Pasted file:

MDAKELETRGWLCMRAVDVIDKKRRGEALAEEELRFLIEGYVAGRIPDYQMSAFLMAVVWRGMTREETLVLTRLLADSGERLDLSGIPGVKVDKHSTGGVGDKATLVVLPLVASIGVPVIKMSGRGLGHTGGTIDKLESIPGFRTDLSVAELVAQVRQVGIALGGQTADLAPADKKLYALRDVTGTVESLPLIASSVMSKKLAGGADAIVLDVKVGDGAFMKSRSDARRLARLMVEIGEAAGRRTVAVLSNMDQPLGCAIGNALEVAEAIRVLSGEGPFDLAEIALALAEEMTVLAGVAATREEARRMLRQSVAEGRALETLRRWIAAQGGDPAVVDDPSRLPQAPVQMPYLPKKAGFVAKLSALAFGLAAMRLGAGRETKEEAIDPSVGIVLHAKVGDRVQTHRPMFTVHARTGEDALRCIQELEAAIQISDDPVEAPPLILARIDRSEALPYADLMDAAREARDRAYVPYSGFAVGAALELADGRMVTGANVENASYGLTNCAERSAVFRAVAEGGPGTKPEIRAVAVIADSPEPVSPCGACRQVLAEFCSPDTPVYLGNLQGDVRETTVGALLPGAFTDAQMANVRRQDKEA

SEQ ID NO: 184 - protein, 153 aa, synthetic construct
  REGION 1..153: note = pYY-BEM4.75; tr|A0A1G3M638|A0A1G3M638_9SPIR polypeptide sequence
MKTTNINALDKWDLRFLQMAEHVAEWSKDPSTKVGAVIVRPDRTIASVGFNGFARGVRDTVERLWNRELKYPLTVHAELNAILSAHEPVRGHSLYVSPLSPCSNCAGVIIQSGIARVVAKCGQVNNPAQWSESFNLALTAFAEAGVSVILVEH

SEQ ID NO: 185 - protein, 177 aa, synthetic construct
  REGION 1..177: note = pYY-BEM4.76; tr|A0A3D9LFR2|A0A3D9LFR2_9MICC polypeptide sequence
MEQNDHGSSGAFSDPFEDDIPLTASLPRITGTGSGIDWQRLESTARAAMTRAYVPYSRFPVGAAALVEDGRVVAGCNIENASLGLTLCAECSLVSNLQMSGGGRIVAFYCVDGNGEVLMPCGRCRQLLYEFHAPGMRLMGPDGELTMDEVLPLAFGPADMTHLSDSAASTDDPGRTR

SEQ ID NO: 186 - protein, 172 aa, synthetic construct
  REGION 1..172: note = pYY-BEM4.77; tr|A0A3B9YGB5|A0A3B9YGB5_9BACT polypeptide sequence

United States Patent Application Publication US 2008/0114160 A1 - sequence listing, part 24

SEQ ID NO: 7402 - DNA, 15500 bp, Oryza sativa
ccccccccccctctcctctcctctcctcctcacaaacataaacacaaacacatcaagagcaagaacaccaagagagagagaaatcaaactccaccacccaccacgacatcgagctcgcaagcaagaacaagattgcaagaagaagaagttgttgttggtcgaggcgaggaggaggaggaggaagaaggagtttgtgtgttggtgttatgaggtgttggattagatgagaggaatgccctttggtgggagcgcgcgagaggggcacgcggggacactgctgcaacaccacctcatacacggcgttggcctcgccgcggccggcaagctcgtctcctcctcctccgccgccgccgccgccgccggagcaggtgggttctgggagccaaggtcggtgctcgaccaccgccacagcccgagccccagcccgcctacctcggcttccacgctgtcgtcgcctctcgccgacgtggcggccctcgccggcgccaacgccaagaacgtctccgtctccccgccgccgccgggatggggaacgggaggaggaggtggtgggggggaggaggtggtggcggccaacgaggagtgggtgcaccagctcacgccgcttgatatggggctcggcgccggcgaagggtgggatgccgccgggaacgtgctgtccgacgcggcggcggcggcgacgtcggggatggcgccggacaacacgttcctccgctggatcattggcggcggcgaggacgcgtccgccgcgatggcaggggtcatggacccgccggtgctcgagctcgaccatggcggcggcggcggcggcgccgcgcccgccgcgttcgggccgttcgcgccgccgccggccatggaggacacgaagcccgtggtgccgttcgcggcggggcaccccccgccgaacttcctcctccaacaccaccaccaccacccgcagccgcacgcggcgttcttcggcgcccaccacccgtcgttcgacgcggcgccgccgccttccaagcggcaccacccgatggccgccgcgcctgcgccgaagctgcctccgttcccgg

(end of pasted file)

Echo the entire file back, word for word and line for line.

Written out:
MDAKELETRGWLCMRAVDVIDKKRRGEALAEEELRFLIEGYVAGRIPDYQMSAFLMAVVWRGMTREETLVLTRLLADSGERLDLSGIPGVKVDKHSTGGVGDKATLVVLPLVASIGVPVIKMSGRGLGHTGGTIDKLESIPGFRTDLSVAELVAQVRQVGIALGGQTADLAPADKKLYALRDVTGTVESLPLIASSVMSKKLAGGADAIVLDVKVGDGAFMKSRSDARRLARLMVEIGEAAGRRTVAVLSNMDQPLGCAIGNALEVAEAIRVLSGEGPFDLAEIALALAEEMTVLAGVAATREEARRMLRQSVAEGRALETLRRWIAAQGGDPAVVDDPSRLPQAPVQMPYLPKKAGFVAKLSALAFGLAAMRLGAGRETKEEAIDPSVGIVLHAKVGDRVQTHRPMFTVHARTGEDALRCIQELEAAIQISDDPVEAPPLILARIDRSEALPYADLMDAAREARDRAYVPYSGFAVGAALELADGRMVTGANVENASYGLTNCAERSAVFRAVAEGGPGTKPEIRAVAVIADSPEPVSPCGACRQVLAEFCSPDTPVYLGNLQGDVRETTVGALLPGAFTDAQMANVRRQDKEA

SEQ ID NO: 184 - protein, 153 aa, synthetic construct
  REGION 1..153: note = pYY-BEM4.75; tr|A0A1G3M638|A0A1G3M638_9SPIR polypeptide sequence
MKTTNINALDKWDLRFLQMAEHVAEWSKDPSTKVGAVIVRPDRTIASVGFNGFARGVRDTVERLWNRELKYPLTVHAELNAILSAHEPVRGHSLYVSPLSPCSNCAGVIIQSGIARVVAKCGQVNNPAQWSESFNLALTAFAEAGVSVILVEH

SEQ ID NO: 185 - protein, 177 aa, synthetic construct
  REGION 1..177: note = pYY-BEM4.76; tr|A0A3D9LFR2|A0A3D9LFR2_9MICC polypeptide sequence
MEQNDHGSSGAFSDPFEDDIPLTASLPRITGTGSGIDWQRLESTARAAMTRAYVPYSRFPVGAAALVEDGRVVAGCNIENASLGLTLCAECSLVSNLQMSGGGRIVAFYCVDGNGEVLMPCGRCRQLLYEFHAPGMRLMGPDGELTMDEVLPLAFGPADMTHLSDSAASTDDPGRTR

SEQ ID NO: 186 - protein, 172 aa, synthetic construct
  REGION 1..172: note = pYY-BEM4.77; tr|A0A3B9YGB5|A0A3B9YGB5_9BACT polypeptide sequence

United States Patent Application Publication US 2008/0114160 A1 - sequence listing, part 24

SEQ ID NO: 7402 - DNA, 15500 bp, Oryza sativa
ccccccccccctctcctctcctctcctcctcacaaacataaacacaaacacatcaagagcaagaacaccaagagagagagaaatcaaactccaccacccaccacgacatcgagctcgcaagcaagaacaagattgcaagaagaagaagttgttgttggtcgaggcgaggaggaggaggaggaagaaggagtttgtgtgttggtgttatgaggtgttggattagatgagaggaatgccctttggtgggagcgcgcgagaggggcacgcggggacactgctgcaacaccacctcatacacggcgttggcctcgccgcggccggcaagctcgtctcctcctcctccgccgccgccgccgccgccggagcaggtgggttctgggagccaaggtcggtgctcgaccaccgccacagcccgagccccagcccgcctacctcggcttccacgctgtcgtcgcctctcgccgacgtggcggccctcgccggcgccaacgccaagaacgtctccgtctccccgccgccgccgggatggggaacgggaggaggaggtggtgggggggaggaggtggtggcggccaacgaggagtgggtgcaccagctcacgccgcttgatatggggctcggcgccggcgaagggtgggatgccgccgggaacgtgctgtccgacgcggcggcggcggcgacgtcggggatggcgccggacaacacgttcctccgctggatcattggcggcggcgaggacgcgtccgccgcgatggcaggggtcatggacccgccggtgctcgagctcgaccatggcggcggcggcggcggcgccgcgcccgccgcgttcgggccgttcgcgccgccgccggccatggaggacacgaagcccgtggtgccgttcgcggcggggcaccccccgccgaacttcctcctccaacaccaccaccaccacccgcagccgcacgcggcgttcttcggcgcccaccacccgtcgttcgacgcggcgccgccgccttccaagcggcaccacccgatggccgccgcgcctgcgccgaagctgcctccgttcccgg